Your RoLR is determined by your location and electricity or gas distributor.


ACTEvo EnergyActewAGL
VICUnited EnergyAGL
VICAusnet ServicesEnergyAustralia


NSWAustralian Gas Networks and Central RangesOrigin
ACTEvo EnergyActewAGL
SAAustralian Gas NetworksEnergyAustralia
VICAusnet ServicesAGL
VICAustralian Gas NetworksEnergyAustralia
VICMultinet Gas NetworksOrigin Energy

Why are there threats of blackouts across Australia?

Last week, the Australian Energy Market Operator (AEMO) warned residents and small businesses across Queensland, New South Wales, Victoria and South Australia of possible power outages due to forecasted electricity shortfalls and to conserve electricity where they could.

These shortfalls were primarily driven by wholesale prices reaching new highs in the wake of a worsening energy crisis in Australia. In Queensland, for example, wholesale prices soared as high as $934.07/MWh this month, but were as low as $78.42/MWh in January. The

Meanwhile, several other factors led to a perfect storm, including:

  • Higher demand for gas and electricity due to cooler temperatures
  • Planned transmission outages
  • Lower outputs of solar and wind energy
  • Generation units not operating due to planned maintenance and unplanned events.

AEMO originally imposed price caps of $300/MWh for Queensland, New South Wales, South Australia and Victoria, but later temporarily suspended the wholesale spot market in all regions of the National Electricity Market (NEM). AEMO announced that it would allow the market to set prices again from 4am on 23 June.

Should I prepare anything if there are blackouts?

While AEMO is currently confident that there’s sufficient electricity supply to meet demand, the situation is evolving rapidly and Australians should be prepared if their power goes out. Households can prepare by:

  • Organising an emergency kit, which includes torches, candles, matches, lighters, batteries and a radio for any updates on the power outage.
  • Having a plan in place if someone in your home requires life support equipment. Call your distributor and energy retailer as early as possible and register your details. In most cases, they can provide additional protections if the power goes out, providing you meet set criteria, like confirmation from a medical practitioner.
  • Ensuring your laptop, phone or digital device has plenty of battery ahead of a power cut. Also prepare portable chargers and consider investing in a pocket WiFi internet modem, so that you can receive updates on power outages from your distributor and state’s Emergency Services website.
  • Keeping a physical list of essential contacts handy, including close contacts, your energy distributor and your state’s Emergency Services. This could be useful if your digital devices can’t be accessed when the power is out.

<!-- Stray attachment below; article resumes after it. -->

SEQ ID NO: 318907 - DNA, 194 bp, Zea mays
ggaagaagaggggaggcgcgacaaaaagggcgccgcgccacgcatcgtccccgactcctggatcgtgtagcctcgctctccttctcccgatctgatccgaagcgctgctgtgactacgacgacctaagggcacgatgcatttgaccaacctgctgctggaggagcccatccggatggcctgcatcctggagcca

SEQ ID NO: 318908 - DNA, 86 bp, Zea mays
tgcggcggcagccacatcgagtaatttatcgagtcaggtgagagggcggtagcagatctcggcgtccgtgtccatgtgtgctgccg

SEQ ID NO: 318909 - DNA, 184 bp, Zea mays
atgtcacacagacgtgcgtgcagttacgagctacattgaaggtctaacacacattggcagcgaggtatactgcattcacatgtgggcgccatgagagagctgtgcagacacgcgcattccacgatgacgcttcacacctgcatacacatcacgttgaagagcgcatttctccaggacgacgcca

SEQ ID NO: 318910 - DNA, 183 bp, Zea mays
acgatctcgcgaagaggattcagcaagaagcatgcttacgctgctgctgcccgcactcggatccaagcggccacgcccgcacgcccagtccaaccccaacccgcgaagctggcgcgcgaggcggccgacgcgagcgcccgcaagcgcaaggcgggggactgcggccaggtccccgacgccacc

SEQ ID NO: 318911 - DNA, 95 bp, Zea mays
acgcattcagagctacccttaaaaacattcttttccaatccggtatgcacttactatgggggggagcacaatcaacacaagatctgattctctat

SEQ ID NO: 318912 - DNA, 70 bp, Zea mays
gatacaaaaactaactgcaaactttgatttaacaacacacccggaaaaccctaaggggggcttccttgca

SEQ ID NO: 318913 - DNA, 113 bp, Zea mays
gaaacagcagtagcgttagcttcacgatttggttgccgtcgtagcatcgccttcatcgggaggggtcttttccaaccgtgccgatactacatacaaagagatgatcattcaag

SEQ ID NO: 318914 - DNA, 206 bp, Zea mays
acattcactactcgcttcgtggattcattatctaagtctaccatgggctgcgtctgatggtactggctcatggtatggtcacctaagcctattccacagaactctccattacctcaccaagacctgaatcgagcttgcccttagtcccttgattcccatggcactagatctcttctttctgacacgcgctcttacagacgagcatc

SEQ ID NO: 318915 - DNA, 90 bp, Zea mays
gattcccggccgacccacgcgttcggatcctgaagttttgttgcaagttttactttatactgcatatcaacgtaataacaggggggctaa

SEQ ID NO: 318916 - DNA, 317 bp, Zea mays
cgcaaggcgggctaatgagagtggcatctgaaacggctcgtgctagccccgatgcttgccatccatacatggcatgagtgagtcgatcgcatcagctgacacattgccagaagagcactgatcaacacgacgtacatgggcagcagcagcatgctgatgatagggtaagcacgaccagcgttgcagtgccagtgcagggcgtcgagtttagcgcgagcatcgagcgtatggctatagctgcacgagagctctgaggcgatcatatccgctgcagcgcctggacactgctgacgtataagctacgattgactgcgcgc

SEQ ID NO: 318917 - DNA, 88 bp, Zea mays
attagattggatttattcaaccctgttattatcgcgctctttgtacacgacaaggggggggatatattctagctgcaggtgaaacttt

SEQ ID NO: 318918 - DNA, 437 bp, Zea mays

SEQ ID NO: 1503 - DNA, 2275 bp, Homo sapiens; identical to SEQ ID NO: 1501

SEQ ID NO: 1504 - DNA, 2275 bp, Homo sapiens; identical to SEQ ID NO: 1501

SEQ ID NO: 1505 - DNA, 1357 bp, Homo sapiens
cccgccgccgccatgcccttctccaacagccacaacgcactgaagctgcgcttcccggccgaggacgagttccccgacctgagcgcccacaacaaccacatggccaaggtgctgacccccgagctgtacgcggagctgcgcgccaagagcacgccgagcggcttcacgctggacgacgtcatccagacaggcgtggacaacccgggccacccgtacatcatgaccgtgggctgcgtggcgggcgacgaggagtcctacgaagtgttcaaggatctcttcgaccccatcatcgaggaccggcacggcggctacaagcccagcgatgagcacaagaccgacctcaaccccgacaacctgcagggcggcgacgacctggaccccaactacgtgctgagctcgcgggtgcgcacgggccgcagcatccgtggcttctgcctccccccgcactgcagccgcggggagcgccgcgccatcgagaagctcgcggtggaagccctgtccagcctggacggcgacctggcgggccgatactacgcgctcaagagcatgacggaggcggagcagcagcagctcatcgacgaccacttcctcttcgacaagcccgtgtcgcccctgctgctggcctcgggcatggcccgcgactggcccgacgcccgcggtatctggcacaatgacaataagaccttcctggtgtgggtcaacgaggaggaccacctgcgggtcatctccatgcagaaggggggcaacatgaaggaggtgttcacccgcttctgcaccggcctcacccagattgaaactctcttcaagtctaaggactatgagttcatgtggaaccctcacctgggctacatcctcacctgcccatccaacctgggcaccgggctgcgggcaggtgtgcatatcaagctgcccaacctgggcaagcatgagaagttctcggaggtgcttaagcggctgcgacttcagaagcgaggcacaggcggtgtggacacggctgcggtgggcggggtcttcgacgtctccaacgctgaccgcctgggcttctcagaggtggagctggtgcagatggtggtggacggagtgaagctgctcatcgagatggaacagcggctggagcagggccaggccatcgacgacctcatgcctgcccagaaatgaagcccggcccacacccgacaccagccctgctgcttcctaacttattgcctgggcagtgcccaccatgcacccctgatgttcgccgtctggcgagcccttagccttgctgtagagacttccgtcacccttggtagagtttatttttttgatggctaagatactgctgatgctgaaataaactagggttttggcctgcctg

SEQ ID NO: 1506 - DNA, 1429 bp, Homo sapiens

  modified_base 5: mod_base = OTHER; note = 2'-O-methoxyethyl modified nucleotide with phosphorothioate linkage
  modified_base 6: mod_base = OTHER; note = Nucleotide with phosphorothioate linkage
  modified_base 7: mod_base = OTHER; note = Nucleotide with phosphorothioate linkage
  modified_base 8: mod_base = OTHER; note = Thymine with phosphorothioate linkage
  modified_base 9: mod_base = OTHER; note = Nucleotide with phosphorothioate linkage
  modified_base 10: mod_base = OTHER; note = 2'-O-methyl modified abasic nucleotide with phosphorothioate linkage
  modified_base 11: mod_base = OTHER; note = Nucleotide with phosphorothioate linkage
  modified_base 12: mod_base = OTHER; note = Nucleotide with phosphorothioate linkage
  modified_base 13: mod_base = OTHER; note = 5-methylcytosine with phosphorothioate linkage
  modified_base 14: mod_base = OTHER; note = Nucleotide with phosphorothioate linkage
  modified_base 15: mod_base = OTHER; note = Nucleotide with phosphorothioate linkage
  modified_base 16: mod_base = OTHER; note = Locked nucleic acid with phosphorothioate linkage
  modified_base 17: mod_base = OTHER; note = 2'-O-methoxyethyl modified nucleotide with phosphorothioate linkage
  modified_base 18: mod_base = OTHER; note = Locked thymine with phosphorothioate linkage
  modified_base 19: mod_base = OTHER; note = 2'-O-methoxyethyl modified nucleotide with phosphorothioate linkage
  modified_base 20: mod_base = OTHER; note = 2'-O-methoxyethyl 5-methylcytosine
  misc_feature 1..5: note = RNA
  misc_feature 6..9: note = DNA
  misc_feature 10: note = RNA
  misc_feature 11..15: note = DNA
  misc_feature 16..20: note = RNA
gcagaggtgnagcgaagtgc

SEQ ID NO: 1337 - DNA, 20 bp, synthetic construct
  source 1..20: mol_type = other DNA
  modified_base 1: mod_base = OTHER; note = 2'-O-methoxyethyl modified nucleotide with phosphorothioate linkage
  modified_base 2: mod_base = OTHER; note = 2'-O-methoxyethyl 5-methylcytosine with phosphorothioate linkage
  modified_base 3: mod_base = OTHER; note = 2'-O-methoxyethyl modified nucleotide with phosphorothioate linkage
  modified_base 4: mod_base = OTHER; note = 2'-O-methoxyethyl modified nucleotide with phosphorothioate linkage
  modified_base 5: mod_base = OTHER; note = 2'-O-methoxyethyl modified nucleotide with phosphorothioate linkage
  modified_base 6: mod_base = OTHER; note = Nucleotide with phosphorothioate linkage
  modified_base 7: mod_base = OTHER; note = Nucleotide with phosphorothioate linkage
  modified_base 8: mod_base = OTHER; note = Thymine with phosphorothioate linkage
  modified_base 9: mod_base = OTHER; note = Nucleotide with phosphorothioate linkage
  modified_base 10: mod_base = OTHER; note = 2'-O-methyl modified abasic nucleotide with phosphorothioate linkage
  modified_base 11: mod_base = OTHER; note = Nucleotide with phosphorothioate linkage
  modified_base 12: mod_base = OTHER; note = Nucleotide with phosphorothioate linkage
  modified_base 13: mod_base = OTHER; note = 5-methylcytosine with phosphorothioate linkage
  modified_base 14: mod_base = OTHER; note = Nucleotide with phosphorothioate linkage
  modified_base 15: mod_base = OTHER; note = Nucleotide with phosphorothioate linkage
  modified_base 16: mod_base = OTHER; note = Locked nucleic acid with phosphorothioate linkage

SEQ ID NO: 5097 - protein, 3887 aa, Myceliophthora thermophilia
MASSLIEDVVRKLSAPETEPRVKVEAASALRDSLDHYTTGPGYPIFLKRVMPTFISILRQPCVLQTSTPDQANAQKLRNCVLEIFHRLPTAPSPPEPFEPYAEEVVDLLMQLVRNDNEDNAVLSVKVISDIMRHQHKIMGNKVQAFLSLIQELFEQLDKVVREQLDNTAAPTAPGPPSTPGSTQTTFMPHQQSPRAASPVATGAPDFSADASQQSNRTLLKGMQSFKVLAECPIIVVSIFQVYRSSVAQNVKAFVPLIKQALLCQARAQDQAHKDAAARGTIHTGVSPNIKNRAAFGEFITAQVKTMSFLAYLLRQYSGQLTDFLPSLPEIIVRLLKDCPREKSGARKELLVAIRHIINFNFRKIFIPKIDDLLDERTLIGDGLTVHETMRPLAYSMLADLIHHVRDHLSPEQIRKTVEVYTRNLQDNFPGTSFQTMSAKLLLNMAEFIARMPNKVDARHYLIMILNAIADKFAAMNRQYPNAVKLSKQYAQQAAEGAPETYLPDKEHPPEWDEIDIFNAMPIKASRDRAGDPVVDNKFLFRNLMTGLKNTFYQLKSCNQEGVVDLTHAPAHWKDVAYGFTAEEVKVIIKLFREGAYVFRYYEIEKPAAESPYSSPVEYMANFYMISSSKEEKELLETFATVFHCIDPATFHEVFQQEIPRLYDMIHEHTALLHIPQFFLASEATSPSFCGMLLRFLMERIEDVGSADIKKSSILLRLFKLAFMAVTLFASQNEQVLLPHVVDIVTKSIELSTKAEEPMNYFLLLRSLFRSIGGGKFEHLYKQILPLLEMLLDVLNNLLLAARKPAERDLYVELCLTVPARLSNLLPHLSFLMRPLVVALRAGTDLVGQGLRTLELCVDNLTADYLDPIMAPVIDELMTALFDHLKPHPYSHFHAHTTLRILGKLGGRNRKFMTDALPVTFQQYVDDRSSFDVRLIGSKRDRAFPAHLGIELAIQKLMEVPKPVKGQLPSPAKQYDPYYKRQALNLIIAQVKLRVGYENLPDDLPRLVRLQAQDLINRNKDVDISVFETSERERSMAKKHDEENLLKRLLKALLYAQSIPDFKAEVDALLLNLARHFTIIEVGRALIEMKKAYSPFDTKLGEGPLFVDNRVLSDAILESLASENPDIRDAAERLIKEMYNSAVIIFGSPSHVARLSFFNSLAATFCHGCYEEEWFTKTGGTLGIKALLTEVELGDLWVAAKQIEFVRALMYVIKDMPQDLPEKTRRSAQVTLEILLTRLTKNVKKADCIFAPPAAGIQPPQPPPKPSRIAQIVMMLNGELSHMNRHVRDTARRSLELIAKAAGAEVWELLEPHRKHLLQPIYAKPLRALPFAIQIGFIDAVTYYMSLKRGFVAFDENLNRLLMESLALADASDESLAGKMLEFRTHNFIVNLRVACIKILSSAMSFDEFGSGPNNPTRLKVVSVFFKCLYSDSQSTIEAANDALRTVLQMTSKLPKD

• Switching off and unplugging devices during a blackout, as they could become damaged if there’s a power surge.
  • Preparing for planned blackouts. Ensure you have alternative ways to stay warm if the power goes out and you can’t rely on heating. This may include utilising slippers, jumpers, blankets, doonas and hot water bottles. Also close windows and draught-proof the home as much as possible. If a blackout is planned, preheat the home before the power goes out.
  • Stocking up on bottled water and non-perishable food, as it’s possible for food in your fridge and freezer to spoil in a blackout.
  • Utilising solar batteries with blackout mode. While the power won’t automatically stay connected if you have solar panels, some solar batteries have a blackout mode, which will continue to power your home if electricity from the grid is cut. Remember that a battery can only store so much power, so use electricity wisely if there’s a blackout.

What if I can’t pay my electricity or gas bill?

Anyone in financial stress should contact their energy retailer as soon as possible to explore their options and avoid disconnection. Unless you let your gas or electricity retailer know you’re struggling, a disconnection can occur if you don’t make payment. Retailers can offer several solutions, including:

  • Bill smoothing plans, which can help you get out of debt and manage future bills;
  • Financial advice on how to reduce energy usage and costs;
  • Hardship programs, which can lower bills, offer support, provide education on how to be more energy-efficient and assist with discounts and rebates; and
  • Offering a new plan with bigger discounts, lower rates or better perks

By law, energy disconnections can’t occur:

  • When you’re on a plan to repay debt and you’re up to date with repayments
  • Before 8am and after 3pm Monday to Thursday
  • On Fridays, Saturdays, Sundays and public holidays
  • During some weather events.

How do I find a new gas or electricity plan?

If you’re looking for a new energy plan, there are several factors to consider. These include:

  • What discounts or perks are on offer? Retailers can offer discounts, rewards or other perks for specific plans. This could influence which retailer or plan you choose.
  • When does the benefit period end? If your plan does offer perks or discounts, be aware that they will usually expire after a certain time. Your contract usually continues when these benefits end.
  • How much are you charged for electricity and gas? Take note of the daily supply charge (a fixed rate) and the usage charge (for the gas or electricity you use). These can vary between retailers.
  • Is bundling gas and electricity worth it? You can get electricity and gas on a dual fuel plan from the same retailer, however, you’ll still receive two separate bills at separate times. While dual fuel plans offer temporary perks and can offer convenience by combining electricity and gas under one account, you may pay less overall by taking up electricity and gas plans separately.

Services like Compare the Market’s energy comparison service allow you to compare a range of plans from a variety of offers. If you find one you like, you can switch with no disruption to your gas or electricity supply.

Compare energy plans online with Compare the Market


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avatar of author: Phillip Portman

Written by Phillip Portman

When he’s not busy writing, Phillip can usually be found at the movies, playing with his Italian Greyhound Wilma, hanging out with his cockatiel Tiki, or talking about everything pop culture. He has a Bachelor of Arts in Communication and Journalism and has previously written about health, entertainment, and lifestyle for various publications. Phillip loves to help others and hopes that people learn something new from his articles.